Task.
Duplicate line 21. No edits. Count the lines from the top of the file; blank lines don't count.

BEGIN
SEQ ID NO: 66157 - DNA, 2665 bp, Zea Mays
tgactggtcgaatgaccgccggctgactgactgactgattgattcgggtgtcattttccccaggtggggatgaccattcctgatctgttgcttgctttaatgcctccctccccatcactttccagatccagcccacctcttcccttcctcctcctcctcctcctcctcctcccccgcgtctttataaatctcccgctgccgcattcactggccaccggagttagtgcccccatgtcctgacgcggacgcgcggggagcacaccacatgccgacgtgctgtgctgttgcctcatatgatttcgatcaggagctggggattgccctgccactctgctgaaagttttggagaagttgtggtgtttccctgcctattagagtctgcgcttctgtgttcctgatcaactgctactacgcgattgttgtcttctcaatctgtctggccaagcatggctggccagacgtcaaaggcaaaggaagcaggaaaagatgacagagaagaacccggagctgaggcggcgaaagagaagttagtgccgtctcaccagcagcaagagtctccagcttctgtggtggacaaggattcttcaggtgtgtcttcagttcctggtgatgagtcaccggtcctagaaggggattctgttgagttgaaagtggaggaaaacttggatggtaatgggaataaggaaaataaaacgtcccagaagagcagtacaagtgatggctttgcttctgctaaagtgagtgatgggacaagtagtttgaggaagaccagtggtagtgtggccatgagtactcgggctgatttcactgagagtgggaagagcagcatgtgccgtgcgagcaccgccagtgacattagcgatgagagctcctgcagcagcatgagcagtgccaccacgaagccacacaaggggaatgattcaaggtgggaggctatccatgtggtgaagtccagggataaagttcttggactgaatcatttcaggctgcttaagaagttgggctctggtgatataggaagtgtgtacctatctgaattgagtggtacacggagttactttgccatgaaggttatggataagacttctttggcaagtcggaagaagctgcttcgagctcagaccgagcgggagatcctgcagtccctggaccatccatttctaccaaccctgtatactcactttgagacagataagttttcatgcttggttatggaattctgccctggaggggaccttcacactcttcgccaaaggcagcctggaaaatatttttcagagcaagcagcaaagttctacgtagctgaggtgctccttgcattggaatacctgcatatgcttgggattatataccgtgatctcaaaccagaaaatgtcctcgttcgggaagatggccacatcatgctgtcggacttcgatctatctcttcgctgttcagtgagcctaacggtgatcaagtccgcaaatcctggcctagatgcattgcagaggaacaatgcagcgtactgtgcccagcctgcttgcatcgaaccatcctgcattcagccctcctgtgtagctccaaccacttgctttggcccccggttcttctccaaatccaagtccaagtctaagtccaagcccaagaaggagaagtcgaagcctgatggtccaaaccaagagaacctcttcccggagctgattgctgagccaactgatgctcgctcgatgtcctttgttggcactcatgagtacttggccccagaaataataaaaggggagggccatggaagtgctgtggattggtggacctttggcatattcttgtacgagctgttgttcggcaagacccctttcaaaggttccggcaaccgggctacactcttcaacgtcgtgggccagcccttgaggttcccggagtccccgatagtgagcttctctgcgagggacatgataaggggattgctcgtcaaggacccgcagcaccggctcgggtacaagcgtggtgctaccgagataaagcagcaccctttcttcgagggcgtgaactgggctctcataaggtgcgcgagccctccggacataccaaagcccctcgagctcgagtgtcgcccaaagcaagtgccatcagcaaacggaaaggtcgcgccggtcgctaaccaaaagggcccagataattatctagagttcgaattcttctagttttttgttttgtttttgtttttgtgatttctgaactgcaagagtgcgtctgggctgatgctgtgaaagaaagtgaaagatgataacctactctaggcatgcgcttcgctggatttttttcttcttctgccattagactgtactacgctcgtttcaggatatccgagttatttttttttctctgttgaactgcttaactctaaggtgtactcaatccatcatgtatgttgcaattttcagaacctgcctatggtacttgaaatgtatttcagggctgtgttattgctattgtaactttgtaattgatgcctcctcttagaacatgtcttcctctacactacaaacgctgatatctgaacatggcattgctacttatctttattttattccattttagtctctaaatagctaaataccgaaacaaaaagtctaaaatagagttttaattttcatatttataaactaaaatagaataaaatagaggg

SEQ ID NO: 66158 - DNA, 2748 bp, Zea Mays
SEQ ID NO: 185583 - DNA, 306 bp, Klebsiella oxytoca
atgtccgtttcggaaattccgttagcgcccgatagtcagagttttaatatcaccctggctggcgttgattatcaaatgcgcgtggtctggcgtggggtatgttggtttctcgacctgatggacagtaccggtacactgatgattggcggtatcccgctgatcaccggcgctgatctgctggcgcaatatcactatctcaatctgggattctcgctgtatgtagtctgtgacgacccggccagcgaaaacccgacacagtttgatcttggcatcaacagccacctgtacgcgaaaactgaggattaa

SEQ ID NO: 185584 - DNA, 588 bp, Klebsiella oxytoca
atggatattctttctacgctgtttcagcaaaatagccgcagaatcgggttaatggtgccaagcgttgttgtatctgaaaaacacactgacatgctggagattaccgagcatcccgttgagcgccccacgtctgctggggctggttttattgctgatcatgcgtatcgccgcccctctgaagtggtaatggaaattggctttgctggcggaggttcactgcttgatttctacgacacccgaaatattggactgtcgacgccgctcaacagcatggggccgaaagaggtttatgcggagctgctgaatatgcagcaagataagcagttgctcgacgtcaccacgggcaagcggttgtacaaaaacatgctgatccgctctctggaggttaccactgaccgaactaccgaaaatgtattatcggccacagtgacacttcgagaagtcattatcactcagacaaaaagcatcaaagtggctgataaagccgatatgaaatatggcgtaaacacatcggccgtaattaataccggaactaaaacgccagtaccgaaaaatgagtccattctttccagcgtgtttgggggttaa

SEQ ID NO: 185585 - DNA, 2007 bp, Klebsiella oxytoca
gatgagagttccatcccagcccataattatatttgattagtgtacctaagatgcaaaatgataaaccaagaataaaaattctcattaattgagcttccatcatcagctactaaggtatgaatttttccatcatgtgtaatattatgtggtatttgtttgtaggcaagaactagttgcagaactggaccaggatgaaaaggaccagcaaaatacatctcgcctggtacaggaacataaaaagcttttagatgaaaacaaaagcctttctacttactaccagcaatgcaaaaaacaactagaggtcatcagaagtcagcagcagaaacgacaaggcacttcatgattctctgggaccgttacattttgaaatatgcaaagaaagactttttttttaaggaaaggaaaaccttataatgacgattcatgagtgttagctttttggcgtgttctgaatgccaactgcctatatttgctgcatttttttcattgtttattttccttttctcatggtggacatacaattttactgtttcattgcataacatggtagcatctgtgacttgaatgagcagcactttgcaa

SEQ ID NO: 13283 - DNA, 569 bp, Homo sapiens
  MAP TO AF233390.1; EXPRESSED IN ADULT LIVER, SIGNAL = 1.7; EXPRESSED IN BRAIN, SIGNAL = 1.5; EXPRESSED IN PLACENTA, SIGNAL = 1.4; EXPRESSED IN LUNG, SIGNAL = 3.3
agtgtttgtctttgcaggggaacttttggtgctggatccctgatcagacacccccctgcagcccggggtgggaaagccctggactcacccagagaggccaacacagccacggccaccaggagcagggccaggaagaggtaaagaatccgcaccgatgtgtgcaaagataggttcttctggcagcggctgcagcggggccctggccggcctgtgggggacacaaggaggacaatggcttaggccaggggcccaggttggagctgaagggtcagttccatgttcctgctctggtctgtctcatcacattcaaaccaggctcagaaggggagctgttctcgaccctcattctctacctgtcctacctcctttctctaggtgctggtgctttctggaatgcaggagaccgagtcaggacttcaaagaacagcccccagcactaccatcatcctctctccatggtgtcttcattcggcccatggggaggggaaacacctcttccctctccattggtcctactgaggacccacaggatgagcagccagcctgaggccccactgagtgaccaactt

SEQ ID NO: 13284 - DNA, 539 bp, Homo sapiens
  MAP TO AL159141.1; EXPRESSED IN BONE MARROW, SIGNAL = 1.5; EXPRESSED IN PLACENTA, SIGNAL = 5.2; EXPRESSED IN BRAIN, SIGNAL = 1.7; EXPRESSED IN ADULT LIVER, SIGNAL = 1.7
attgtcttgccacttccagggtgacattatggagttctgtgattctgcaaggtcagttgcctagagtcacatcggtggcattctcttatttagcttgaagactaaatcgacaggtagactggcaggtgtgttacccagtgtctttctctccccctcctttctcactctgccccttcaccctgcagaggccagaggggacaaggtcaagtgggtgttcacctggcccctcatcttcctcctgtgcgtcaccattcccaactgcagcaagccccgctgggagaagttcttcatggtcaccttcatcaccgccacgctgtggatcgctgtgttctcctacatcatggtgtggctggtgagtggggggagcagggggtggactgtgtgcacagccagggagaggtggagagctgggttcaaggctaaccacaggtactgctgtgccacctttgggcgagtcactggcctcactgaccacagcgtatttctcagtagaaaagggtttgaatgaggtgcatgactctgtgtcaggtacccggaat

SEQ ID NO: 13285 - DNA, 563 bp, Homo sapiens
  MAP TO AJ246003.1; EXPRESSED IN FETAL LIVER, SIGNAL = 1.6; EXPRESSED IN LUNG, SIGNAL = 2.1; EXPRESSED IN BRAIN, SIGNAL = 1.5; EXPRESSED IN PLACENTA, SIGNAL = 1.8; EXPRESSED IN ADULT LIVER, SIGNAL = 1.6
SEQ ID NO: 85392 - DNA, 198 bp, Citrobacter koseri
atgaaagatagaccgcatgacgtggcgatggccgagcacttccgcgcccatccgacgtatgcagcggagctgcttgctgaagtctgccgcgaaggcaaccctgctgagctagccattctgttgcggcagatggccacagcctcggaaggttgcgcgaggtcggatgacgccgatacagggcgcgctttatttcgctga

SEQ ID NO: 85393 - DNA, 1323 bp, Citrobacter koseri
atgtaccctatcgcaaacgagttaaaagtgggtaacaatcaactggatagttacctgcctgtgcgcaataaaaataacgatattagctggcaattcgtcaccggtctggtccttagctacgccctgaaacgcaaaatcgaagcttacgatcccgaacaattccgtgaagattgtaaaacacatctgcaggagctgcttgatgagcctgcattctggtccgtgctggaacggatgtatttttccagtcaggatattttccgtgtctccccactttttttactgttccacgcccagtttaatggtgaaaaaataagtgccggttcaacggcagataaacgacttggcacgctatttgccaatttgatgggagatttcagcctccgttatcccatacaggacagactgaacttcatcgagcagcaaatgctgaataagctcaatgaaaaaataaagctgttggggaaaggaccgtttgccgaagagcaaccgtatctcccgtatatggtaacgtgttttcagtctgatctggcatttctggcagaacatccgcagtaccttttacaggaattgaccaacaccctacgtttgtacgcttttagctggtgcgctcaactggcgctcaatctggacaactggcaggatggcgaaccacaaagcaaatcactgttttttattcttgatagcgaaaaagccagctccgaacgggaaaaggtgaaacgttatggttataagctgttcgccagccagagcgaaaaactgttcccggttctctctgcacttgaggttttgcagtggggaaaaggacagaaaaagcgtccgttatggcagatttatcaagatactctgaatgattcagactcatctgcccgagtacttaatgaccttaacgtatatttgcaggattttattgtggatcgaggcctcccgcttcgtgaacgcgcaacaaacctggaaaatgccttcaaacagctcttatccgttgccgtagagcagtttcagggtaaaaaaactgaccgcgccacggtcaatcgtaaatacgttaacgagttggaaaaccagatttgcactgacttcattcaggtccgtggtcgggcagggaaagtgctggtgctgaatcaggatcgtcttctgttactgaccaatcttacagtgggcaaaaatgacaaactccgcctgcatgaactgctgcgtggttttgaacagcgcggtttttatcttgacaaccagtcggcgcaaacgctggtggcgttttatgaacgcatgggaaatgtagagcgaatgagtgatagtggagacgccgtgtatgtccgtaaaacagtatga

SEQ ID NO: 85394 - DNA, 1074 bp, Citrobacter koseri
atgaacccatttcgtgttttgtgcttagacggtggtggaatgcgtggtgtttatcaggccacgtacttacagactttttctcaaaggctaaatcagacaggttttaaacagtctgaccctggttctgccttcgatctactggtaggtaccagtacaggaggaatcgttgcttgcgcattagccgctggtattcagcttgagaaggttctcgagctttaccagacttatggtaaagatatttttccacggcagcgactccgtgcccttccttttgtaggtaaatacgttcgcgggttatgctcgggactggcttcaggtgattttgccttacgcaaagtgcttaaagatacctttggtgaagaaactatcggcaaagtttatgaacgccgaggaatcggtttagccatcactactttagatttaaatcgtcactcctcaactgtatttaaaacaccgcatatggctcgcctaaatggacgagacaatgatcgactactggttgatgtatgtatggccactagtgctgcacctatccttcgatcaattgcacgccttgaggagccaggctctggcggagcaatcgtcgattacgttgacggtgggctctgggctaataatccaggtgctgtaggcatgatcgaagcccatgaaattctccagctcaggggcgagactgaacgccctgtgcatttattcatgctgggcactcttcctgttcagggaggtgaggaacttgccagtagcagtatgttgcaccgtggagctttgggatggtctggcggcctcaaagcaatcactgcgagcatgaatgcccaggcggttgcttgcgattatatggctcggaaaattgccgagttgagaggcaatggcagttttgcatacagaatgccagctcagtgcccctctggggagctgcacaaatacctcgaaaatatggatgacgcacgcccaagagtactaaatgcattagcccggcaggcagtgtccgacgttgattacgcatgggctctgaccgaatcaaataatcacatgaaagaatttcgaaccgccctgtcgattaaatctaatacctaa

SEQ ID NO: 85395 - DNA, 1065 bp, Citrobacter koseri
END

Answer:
atgtaccctatcgcaaacgagttaaaagtgggtaacaatcaactggatagttacctgcctgtgcgcaataaaaataacgatattagctggcaattcgtcaccggtctggtccttagctacgccctgaaacgcaaaatcgaagcttacgatcccgaacaattccgtgaagattgtaaaacacatctgcaggagctgcttgatgagcctgcattctggtccgtgctggaacggatgtatttttccagtcaggatattttccgtgtctccccactttttttactgttccacgcccagtttaatggtgaaaaaataagtgccggttcaacggcagataaacgacttggcacgctatttgccaatttgatgggagatttcagcctccgttatcccatacaggacagactgaacttcatcgagcagcaaatgctgaataagctcaatgaaaaaataaagctgttggggaaaggaccgtttgccgaagagcaaccgtatctcccgtatatggtaacgtgttttcagtctgatctggcatttctggcagaacatccgcagtaccttttacaggaattgaccaacaccctacgtttgtacgcttttagctggtgcgctcaactggcgctcaatctggacaactggcaggatggcgaaccacaaagcaaatcactgttttttattcttgatagcgaaaaagccagctccgaacgggaaaaggtgaaacgttatggttataagctgttcgccagccagagcgaaaaactgttcccggttctctctgcacttgaggttttgcagtggggaaaaggacagaaaaagcgtccgttatggcagatttatcaagatactctgaatgattcagactcatctgcccgagtacttaatgaccttaacgtatatttgcaggattttattgtggatcgaggcctcccgcttcgtgaacgcgcaacaaacctggaaaatgccttcaaacagctcttatccgttgccgtagagcagtttcagggtaaaaaaactgaccgcgccacggtcaatcgtaaatacgttaacgagttggaaaaccagatttgcactgacttcattcaggtccgtggtcgggcagggaaagtgctggtgctgaatcaggatcgtcttctgttactgaccaatcttacagtgggcaaaaatgacaaactccgcctgcatgaactgctgcgtggttttgaacagcgcggtttttatcttgacaaccagtcggcgcaaacgctggtggcgttttatgaacgcatgggaaatgtagagcgaatgagtgatagtggagacgccgtgtatgtccgtaaaacagtatga